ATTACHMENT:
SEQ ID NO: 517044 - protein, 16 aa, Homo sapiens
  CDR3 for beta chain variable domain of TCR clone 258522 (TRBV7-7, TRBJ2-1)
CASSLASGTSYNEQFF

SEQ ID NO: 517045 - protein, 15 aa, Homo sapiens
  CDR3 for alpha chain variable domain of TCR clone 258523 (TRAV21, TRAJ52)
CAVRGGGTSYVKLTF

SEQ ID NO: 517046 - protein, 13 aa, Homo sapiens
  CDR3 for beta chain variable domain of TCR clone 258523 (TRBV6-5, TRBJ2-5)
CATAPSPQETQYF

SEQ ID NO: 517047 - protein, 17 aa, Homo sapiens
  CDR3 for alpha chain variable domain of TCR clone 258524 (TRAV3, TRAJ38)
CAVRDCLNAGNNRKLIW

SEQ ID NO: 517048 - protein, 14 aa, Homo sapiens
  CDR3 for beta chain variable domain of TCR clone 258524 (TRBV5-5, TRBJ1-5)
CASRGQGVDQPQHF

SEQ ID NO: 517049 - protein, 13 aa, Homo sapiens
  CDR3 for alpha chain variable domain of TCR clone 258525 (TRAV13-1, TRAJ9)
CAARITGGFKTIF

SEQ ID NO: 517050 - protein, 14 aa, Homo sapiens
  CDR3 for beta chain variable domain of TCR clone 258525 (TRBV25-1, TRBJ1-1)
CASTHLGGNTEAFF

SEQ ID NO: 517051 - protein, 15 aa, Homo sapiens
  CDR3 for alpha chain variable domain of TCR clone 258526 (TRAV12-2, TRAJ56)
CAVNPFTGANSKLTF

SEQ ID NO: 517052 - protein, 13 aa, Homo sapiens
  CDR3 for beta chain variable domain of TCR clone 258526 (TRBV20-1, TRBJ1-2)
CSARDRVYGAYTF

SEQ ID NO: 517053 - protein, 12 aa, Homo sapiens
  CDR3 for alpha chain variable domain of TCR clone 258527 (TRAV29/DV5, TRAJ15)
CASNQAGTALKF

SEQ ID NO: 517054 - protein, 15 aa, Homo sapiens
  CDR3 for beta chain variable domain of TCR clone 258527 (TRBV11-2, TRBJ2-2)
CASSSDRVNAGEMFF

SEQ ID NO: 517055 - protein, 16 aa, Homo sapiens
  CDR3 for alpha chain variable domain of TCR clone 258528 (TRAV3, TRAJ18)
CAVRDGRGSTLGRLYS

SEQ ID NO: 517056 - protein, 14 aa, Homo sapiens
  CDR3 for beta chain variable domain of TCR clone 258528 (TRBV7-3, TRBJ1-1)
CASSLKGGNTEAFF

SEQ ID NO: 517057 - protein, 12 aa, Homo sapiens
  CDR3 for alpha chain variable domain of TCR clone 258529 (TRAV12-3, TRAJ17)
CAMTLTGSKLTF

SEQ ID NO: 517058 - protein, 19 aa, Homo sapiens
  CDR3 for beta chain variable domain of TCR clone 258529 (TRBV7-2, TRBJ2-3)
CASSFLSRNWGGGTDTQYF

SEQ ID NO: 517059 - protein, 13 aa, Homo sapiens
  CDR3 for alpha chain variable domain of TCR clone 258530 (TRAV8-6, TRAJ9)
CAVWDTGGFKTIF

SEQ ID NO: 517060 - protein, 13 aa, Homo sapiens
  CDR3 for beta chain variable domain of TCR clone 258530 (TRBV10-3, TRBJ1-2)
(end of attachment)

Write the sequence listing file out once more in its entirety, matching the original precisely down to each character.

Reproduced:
SEQ ID NO: 517044 - protein, 16 aa, Homo sapiens
  CDR3 for beta chain variable domain of TCR clone 258522 (TRBV7-7, TRBJ2-1)
CASSLASGTSYNEQFF

SEQ ID NO: 517045 - protein, 15 aa, Homo sapiens
  CDR3 for alpha chain variable domain of TCR clone 258523 (TRAV21, TRAJ52)
CAVRGGGTSYVKLTF

SEQ ID NO: 517046 - protein, 13 aa, Homo sapiens
  CDR3 for beta chain variable domain of TCR clone 258523 (TRBV6-5, TRBJ2-5)
CATAPSPQETQYF

SEQ ID NO: 517047 - protein, 17 aa, Homo sapiens
  CDR3 for alpha chain variable domain of TCR clone 258524 (TRAV3, TRAJ38)
CAVRDCLNAGNNRKLIW

SEQ ID NO: 517048 - protein, 14 aa, Homo sapiens
  CDR3 for beta chain variable domain of TCR clone 258524 (TRBV5-5, TRBJ1-5)
CASRGQGVDQPQHF

SEQ ID NO: 517049 - protein, 13 aa, Homo sapiens
  CDR3 for alpha chain variable domain of TCR clone 258525 (TRAV13-1, TRAJ9)
CAARITGGFKTIF

SEQ ID NO: 517050 - protein, 14 aa, Homo sapiens
  CDR3 for beta chain variable domain of TCR clone 258525 (TRBV25-1, TRBJ1-1)
CASTHLGGNTEAFF

SEQ ID NO: 517051 - protein, 15 aa, Homo sapiens
  CDR3 for alpha chain variable domain of TCR clone 258526 (TRAV12-2, TRAJ56)
CAVNPFTGANSKLTF

SEQ ID NO: 517052 - protein, 13 aa, Homo sapiens
  CDR3 for beta chain variable domain of TCR clone 258526 (TRBV20-1, TRBJ1-2)
CSARDRVYGAYTF

SEQ ID NO: 517053 - protein, 12 aa, Homo sapiens
  CDR3 for alpha chain variable domain of TCR clone 258527 (TRAV29/DV5, TRAJ15)
CASNQAGTALKF

SEQ ID NO: 517054 - protein, 15 aa, Homo sapiens
  CDR3 for beta chain variable domain of TCR clone 258527 (TRBV11-2, TRBJ2-2)
CASSSDRVNAGEMFF

SEQ ID NO: 517055 - protein, 16 aa, Homo sapiens
  CDR3 for alpha chain variable domain of TCR clone 258528 (TRAV3, TRAJ18)
CAVRDGRGSTLGRLYS

SEQ ID NO: 517056 - protein, 14 aa, Homo sapiens
  CDR3 for beta chain variable domain of TCR clone 258528 (TRBV7-3, TRBJ1-1)
CASSLKGGNTEAFF

SEQ ID NO: 517057 - protein, 12 aa, Homo sapiens
  CDR3 for alpha chain variable domain of TCR clone 258529 (TRAV12-3, TRAJ17)
CAMTLTGSKLTF

SEQ ID NO: 517058 - protein, 19 aa, Homo sapiens
  CDR3 for beta chain variable domain of TCR clone 258529 (TRBV7-2, TRBJ2-3)
CASSFLSRNWGGGTDTQYF

SEQ ID NO: 517059 - protein, 13 aa, Homo sapiens
  CDR3 for alpha chain variable domain of TCR clone 258530 (TRAV8-6, TRAJ9)
CAVWDTGGFKTIF

SEQ ID NO: 517060 - protein, 13 aa, Homo sapiens
  CDR3 for beta chain variable domain of TCR clone 258530 (TRBV10-3, TRBJ1-2)